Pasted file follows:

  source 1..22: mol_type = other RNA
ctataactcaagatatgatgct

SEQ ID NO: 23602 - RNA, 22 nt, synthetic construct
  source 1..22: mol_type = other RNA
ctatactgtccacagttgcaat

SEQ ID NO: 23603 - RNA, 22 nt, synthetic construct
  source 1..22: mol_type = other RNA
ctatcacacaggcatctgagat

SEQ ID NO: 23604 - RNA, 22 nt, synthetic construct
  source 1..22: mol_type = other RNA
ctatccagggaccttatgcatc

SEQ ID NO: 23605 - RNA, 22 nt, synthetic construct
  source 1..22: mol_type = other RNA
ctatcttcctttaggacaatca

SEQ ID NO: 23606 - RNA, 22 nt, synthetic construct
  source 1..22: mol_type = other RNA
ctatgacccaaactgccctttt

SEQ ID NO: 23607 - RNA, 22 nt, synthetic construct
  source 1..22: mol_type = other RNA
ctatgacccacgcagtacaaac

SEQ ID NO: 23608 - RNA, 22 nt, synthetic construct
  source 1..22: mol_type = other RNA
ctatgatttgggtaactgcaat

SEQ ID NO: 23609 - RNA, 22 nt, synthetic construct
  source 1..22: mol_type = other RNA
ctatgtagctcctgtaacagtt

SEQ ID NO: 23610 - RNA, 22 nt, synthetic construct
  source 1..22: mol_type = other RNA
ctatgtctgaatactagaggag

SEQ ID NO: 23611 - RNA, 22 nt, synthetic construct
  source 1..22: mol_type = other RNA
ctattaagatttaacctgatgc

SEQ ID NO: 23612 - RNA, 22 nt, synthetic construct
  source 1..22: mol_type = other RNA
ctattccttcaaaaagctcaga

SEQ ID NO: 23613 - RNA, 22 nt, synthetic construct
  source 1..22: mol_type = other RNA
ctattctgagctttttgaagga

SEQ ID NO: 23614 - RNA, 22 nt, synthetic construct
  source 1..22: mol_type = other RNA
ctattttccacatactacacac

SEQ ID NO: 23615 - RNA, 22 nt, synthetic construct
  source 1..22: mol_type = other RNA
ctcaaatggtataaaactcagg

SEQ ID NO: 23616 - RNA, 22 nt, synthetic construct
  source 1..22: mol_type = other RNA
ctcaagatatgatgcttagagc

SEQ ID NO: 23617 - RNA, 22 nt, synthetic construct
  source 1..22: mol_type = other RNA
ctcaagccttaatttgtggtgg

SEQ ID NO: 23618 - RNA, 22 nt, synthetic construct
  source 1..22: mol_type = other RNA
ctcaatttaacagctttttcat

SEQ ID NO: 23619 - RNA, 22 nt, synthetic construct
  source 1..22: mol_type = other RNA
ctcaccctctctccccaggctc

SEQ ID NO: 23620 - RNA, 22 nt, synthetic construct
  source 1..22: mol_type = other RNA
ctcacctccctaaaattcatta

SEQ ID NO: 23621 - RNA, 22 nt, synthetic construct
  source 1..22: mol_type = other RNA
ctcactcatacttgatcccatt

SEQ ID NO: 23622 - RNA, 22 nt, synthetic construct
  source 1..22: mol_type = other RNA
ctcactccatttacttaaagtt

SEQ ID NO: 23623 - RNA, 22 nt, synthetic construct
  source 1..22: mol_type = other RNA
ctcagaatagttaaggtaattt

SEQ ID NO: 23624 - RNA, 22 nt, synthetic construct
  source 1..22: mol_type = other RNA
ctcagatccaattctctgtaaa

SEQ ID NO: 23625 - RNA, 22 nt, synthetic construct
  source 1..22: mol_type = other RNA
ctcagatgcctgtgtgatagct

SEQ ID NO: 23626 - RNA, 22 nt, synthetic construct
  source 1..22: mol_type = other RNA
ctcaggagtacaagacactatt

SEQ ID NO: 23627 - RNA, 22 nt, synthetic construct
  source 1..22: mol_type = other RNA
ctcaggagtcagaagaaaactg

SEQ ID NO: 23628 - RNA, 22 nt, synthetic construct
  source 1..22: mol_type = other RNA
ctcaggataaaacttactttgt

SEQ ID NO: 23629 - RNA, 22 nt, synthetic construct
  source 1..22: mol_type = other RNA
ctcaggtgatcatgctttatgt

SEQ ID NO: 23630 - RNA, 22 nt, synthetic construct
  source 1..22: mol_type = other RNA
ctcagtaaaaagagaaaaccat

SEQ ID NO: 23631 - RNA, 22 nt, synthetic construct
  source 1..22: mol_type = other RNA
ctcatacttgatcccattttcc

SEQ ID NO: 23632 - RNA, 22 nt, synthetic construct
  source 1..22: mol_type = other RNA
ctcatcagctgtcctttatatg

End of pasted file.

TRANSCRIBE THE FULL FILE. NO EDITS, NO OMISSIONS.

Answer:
  source 1..22: mol_type = other RNA
ctataactcaagatatgatgct

SEQ ID NO: 23602 - RNA, 22 nt, synthetic construct
  source 1..22: mol_type = other RNA
ctatactgtccacagttgcaat

SEQ ID NO: 23603 - RNA, 22 nt, synthetic construct
  source 1..22: mol_type = other RNA
ctatcacacaggcatctgagat

SEQ ID NO: 23604 - RNA, 22 nt, synthetic construct
  source 1..22: mol_type = other RNA
ctatccagggaccttatgcatc

SEQ ID NO: 23605 - RNA, 22 nt, synthetic construct
  source 1..22: mol_type = other RNA
ctatcttcctttaggacaatca

SEQ ID NO: 23606 - RNA, 22 nt, synthetic construct
  source 1..22: mol_type = other RNA
ctatgacccaaactgccctttt

SEQ ID NO: 23607 - RNA, 22 nt, synthetic construct
  source 1..22: mol_type = other RNA
ctatgacccacgcagtacaaac

SEQ ID NO: 23608 - RNA, 22 nt, synthetic construct
  source 1..22: mol_type = other RNA
ctatgatttgggtaactgcaat

SEQ ID NO: 23609 - RNA, 22 nt, synthetic construct
  source 1..22: mol_type = other RNA
ctatgtagctcctgtaacagtt

SEQ ID NO: 23610 - RNA, 22 nt, synthetic construct
  source 1..22: mol_type = other RNA
ctatgtctgaatactagaggag

SEQ ID NO: 23611 - RNA, 22 nt, synthetic construct
  source 1..22: mol_type = other RNA
ctattaagatttaacctgatgc

SEQ ID NO: 23612 - RNA, 22 nt, synthetic construct
  source 1..22: mol_type = other RNA
ctattccttcaaaaagctcaga

SEQ ID NO: 23613 - RNA, 22 nt, synthetic construct
  source 1..22: mol_type = other RNA
ctattctgagctttttgaagga

SEQ ID NO: 23614 - RNA, 22 nt, synthetic construct
  source 1..22: mol_type = other RNA
ctattttccacatactacacac

SEQ ID NO: 23615 - RNA, 22 nt, synthetic construct
  source 1..22: mol_type = other RNA
ctcaaatggtataaaactcagg

SEQ ID NO: 23616 - RNA, 22 nt, synthetic construct
  source 1..22: mol_type = other RNA
ctcaagatatgatgcttagagc

SEQ ID NO: 23617 - RNA, 22 nt, synthetic construct
  source 1..22: mol_type = other RNA
ctcaagccttaatttgtggtgg

SEQ ID NO: 23618 - RNA, 22 nt, synthetic construct
  source 1..22: mol_type = other RNA
ctcaatttaacagctttttcat

SEQ ID NO: 23619 - RNA, 22 nt, synthetic construct
  source 1..22: mol_type = other RNA
ctcaccctctctccccaggctc

SEQ ID NO: 23620 - RNA, 22 nt, synthetic construct
  source 1..22: mol_type = other RNA
ctcacctccctaaaattcatta

SEQ ID NO: 23621 - RNA, 22 nt, synthetic construct
  source 1..22: mol_type = other RNA
ctcactcatacttgatcccatt

SEQ ID NO: 23622 - RNA, 22 nt, synthetic construct
  source 1..22: mol_type = other RNA
ctcactccatttacttaaagtt

SEQ ID NO: 23623 - RNA, 22 nt, synthetic construct
  source 1..22: mol_type = other RNA
ctcagaatagttaaggtaattt

SEQ ID NO: 23624 - RNA, 22 nt, synthetic construct
  source 1..22: mol_type = other RNA
ctcagatccaattctctgtaaa

SEQ ID NO: 23625 - RNA, 22 nt, synthetic construct
  source 1..22: mol_type = other RNA
ctcagatgcctgtgtgatagct

SEQ ID NO: 23626 - RNA, 22 nt, synthetic construct
  source 1..22: mol_type = other RNA
ctcaggagtacaagacactatt

SEQ ID NO: 23627 - RNA, 22 nt, synthetic construct
  source 1..22: mol_type = other RNA
ctcaggagtcagaagaaaactg

SEQ ID NO: 23628 - RNA, 22 nt, synthetic construct
  source 1..22: mol_type = other RNA
ctcaggataaaacttactttgt

SEQ ID NO: 23629 - RNA, 22 nt, synthetic construct
  source 1..22: mol_type = other RNA
ctcaggtgatcatgctttatgt

SEQ ID NO: 23630 - RNA, 22 nt, synthetic construct
  source 1..22: mol_type = other RNA
ctcagtaaaaagagaaaaccat

SEQ ID NO: 23631 - RNA, 22 nt, synthetic construct
  source 1..22: mol_type = other RNA
ctcatacttgatcccattttcc

SEQ ID NO: 23632 - RNA, 22 nt, synthetic construct
  source 1..22: mol_type = other RNA
ctcatcagctgtcctttatatg